camshaft position sensor

P0343 Code: Camshaft Position Sensor A – Circuit High Input

In OBD2 Trouble Codes by Magnus Sellén7 Comments

What does the P0343 code mean?


The p0343 is being triggered when the engine control unit is getting a faulty signal/high circuit input from the camshaft position sensor. Common causes are a bad camshaft position sensor or bad wirings. The camshaft position sensor is fitted at one on one of your camshaft. The P0343 is a generic trouble code which applies to all makes and models from around the year 2000.

Some engines do have several camshaft position sensors. Because the camshaft needs to have synchronization with the crankshaft sensor in the startup moment, a common symptom is that your engine will be hard to start or not start at all.

The 4-stroke crankshaft rotates two turns on one cycle and the camshafts are rotating one turn per cycle. Older cars do usually not have a camshaft sensor and only a crankshaft sensor. This is because older cars do not have to know at which of the turns the crankshaft is at.

Each cylinder is firing the ignition and fuel once per each two crankshaft turns and it uses the camshaft sensor to recognize if the cylinder is at the intake or combustion cycle. Older cars without a camshaft sensor are firing the spark plugs two times per turn and therefore, it’s called “Wasted spark”. So instead of firing the ignition coils two times per turn, when it’s only required to do it once per turn, it uses a camshaft sensor.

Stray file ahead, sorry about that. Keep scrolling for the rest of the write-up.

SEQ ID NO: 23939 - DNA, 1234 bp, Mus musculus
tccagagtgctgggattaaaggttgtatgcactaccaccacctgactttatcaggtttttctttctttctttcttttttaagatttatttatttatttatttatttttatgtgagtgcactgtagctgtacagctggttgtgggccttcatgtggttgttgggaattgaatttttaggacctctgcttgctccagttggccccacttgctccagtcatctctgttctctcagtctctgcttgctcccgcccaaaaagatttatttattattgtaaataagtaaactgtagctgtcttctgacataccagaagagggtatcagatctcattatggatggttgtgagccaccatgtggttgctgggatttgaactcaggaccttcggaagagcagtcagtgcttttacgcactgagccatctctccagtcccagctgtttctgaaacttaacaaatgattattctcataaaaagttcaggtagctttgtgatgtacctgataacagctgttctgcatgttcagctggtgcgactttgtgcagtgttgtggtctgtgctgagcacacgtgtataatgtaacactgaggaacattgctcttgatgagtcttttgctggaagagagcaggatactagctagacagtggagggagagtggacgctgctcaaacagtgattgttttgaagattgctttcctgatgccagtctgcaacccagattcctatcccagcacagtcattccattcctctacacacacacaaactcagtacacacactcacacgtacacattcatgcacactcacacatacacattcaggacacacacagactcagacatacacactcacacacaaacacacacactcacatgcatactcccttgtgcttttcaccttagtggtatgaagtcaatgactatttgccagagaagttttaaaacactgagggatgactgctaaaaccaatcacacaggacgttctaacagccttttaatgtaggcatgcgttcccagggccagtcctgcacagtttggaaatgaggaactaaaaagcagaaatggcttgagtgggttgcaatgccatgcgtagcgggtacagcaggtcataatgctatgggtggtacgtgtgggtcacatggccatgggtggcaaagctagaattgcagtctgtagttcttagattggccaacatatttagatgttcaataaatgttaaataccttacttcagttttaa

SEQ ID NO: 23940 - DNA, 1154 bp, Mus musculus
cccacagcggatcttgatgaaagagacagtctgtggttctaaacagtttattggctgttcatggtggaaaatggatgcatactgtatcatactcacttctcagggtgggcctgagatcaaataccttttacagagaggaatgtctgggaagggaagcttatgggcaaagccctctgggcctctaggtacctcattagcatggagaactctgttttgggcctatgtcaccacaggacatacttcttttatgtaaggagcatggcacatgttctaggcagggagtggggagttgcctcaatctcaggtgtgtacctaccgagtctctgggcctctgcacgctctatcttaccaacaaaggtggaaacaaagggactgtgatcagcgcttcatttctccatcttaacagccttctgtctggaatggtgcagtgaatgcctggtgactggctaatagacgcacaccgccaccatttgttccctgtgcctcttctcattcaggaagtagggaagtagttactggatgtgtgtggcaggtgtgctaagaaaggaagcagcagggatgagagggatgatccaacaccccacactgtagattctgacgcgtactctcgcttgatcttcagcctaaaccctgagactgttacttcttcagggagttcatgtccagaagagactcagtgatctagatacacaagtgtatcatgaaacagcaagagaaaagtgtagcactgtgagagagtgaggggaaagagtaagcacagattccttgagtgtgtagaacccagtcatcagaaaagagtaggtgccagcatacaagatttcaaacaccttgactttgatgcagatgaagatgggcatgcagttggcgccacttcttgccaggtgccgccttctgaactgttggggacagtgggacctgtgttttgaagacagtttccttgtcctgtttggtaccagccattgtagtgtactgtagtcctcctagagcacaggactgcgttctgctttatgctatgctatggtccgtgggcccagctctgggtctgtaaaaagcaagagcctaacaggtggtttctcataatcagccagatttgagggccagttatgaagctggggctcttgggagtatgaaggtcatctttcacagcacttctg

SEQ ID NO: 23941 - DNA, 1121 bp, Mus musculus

CodeDescriptionCommon CausesPossible Solutions
P0343Camshaft Position Sensor A - Circuit High InputFaulty Camshaft position sensor

Faulty 5v power supply wire from ECM

Corrosion/Bad connection in the CPS connector

Faulty ground wire to ECM

Short between power and ground wire

Low battery voltage / Faulty alternator

Faulty starter

Faulty Engine control unit (ECM)
Charge your car battery/Replace battery or fix the alternator charging problems

Repair any faulty wires between the camshaft position sensor and the engine control unit

Clean the camshaft position sensor from oil.

Clean the Camshaft position sensor connector

Replace Camshaft position sensor

Replace Engine control unit(ECM/PCM) (Rare)
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P0343 Symptoms

The most common symptom of the P0343 code is the Engine Light ON and the engine can have long cranking times or it will not start at all. Sometimes you do not expect any symptoms at all for the trouble code P0343.

  • Check engine light/Service engine soon light ON
  • The engine may not start